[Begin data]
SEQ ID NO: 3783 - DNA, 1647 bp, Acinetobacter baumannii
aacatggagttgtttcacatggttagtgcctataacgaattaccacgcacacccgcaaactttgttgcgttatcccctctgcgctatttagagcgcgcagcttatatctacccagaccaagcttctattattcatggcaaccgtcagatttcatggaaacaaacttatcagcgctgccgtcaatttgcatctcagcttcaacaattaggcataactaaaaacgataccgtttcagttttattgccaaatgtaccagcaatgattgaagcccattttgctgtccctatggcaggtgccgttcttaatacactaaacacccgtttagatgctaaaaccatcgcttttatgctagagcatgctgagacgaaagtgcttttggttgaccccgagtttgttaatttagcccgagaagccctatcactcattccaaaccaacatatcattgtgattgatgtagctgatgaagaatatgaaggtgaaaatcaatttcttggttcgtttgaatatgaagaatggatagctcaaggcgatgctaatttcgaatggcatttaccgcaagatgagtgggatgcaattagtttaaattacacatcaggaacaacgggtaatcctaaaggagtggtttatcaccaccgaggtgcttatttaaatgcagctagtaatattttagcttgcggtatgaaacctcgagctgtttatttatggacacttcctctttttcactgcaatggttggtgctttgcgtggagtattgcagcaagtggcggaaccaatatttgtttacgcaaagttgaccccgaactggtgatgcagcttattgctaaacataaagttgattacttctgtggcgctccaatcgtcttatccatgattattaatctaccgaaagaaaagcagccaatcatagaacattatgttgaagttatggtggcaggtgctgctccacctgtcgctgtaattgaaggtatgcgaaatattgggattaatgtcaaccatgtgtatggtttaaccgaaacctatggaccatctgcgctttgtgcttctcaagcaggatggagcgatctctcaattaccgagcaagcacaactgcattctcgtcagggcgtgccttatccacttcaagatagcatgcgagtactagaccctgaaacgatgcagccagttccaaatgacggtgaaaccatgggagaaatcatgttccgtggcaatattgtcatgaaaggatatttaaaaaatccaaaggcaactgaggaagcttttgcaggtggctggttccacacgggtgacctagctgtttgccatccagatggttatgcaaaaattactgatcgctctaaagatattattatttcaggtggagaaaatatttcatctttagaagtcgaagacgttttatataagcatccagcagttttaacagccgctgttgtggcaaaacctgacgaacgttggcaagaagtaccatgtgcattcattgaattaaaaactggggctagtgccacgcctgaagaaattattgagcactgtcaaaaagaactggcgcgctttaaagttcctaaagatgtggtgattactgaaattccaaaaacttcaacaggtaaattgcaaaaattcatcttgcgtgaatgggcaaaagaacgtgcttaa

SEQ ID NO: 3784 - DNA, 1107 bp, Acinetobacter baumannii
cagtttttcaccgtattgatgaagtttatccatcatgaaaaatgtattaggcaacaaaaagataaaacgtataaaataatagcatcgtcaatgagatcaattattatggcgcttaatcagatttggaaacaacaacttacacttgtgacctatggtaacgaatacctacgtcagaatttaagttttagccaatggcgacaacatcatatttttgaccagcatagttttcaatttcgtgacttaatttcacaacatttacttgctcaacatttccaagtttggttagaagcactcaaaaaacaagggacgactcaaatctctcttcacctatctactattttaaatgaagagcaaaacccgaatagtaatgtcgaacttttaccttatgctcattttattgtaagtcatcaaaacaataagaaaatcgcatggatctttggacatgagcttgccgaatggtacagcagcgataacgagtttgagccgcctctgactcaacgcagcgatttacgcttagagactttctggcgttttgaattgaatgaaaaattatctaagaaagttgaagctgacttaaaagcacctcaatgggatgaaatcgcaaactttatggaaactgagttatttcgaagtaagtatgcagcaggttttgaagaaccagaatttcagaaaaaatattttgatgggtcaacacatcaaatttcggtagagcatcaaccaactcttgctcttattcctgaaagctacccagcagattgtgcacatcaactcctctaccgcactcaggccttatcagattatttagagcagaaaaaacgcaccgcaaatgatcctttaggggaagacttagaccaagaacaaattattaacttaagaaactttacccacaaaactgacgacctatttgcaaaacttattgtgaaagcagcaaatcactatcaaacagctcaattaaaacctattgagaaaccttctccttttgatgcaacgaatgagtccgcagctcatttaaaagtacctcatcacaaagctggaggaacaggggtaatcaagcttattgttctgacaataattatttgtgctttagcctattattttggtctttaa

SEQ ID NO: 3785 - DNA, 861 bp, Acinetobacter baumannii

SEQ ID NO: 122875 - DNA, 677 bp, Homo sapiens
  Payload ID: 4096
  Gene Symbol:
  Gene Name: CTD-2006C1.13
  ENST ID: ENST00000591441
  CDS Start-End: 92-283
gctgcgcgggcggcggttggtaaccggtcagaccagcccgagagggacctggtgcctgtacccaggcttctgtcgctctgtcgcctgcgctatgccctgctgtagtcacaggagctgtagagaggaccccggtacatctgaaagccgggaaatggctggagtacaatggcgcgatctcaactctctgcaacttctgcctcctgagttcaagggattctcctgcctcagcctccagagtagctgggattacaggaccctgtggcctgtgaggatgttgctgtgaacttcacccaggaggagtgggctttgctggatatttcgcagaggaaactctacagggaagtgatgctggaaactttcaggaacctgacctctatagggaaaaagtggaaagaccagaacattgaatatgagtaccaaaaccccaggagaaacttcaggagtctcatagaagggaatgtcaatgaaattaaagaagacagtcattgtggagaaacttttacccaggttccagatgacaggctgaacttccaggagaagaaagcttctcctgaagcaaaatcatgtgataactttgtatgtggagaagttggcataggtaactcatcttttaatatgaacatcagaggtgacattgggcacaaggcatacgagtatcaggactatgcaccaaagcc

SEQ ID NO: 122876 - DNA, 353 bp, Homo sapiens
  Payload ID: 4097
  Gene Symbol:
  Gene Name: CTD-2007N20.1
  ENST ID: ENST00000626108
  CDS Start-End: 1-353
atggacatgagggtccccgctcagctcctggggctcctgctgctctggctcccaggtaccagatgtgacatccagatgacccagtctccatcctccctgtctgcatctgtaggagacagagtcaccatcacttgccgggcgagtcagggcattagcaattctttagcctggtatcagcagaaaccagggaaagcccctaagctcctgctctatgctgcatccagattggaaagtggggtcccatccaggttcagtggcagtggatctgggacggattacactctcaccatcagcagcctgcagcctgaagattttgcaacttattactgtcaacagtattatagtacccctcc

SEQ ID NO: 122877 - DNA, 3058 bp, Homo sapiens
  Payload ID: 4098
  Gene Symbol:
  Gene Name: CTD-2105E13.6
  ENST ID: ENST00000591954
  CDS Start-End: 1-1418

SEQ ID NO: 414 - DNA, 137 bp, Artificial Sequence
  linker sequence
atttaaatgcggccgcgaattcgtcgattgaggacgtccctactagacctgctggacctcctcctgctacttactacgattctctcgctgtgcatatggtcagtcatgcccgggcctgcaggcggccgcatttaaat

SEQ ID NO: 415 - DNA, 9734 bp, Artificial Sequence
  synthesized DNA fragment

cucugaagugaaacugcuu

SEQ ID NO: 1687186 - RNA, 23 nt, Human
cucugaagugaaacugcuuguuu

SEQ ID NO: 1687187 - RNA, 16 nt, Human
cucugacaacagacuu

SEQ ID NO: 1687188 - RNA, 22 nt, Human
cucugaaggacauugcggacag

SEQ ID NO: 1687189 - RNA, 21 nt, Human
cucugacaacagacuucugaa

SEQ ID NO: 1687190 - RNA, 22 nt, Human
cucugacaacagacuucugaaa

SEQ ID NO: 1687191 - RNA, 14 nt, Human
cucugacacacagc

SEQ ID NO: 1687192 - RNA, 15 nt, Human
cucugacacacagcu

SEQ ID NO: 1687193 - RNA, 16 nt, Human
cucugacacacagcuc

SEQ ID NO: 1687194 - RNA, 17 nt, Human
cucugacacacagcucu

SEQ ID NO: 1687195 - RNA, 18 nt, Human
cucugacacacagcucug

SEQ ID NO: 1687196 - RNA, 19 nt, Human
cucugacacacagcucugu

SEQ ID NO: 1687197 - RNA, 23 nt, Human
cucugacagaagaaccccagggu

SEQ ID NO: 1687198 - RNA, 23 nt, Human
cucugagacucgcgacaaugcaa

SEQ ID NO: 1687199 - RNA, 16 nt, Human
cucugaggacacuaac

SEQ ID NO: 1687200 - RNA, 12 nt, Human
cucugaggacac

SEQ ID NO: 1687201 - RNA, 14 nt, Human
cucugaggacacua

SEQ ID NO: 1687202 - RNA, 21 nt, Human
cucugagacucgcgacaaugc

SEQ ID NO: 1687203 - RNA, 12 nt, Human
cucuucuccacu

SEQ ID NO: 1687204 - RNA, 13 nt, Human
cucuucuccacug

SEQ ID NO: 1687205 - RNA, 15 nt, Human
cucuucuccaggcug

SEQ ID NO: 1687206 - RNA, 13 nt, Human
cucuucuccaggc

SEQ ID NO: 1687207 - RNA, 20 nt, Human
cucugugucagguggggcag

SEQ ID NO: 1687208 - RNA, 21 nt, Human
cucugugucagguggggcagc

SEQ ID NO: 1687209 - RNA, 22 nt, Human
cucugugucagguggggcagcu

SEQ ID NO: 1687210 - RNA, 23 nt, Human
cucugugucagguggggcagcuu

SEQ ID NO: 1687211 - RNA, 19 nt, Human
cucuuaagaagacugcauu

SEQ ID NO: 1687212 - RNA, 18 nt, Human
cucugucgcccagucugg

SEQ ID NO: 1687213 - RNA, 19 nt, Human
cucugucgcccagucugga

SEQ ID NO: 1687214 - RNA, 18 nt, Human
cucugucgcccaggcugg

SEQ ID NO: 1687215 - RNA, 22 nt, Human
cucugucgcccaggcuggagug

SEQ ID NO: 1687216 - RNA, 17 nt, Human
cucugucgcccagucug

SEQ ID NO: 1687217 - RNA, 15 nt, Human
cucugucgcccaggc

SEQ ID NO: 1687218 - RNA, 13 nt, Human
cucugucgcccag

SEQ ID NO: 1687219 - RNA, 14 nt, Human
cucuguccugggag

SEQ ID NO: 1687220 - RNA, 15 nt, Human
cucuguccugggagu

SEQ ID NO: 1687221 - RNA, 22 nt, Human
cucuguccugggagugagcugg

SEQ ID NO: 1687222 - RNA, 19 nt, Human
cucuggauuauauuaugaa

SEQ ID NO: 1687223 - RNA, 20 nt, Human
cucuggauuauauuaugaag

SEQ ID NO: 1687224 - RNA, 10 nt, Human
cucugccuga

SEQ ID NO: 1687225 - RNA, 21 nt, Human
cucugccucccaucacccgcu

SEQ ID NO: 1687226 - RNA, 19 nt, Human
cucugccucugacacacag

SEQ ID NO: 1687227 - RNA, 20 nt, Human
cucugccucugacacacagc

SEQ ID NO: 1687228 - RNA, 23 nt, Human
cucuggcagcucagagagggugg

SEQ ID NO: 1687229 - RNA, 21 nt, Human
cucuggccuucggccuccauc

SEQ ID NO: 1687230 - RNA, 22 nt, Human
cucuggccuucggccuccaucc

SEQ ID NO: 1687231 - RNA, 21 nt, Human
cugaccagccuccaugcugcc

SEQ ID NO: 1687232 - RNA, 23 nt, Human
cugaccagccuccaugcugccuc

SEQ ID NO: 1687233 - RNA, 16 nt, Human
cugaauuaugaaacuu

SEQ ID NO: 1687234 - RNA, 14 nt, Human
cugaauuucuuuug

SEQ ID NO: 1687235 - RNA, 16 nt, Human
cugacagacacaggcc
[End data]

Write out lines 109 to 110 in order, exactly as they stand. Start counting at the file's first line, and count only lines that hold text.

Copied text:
cucugccuga

SEQ ID NO: 1687225 - RNA, 21 nt, Human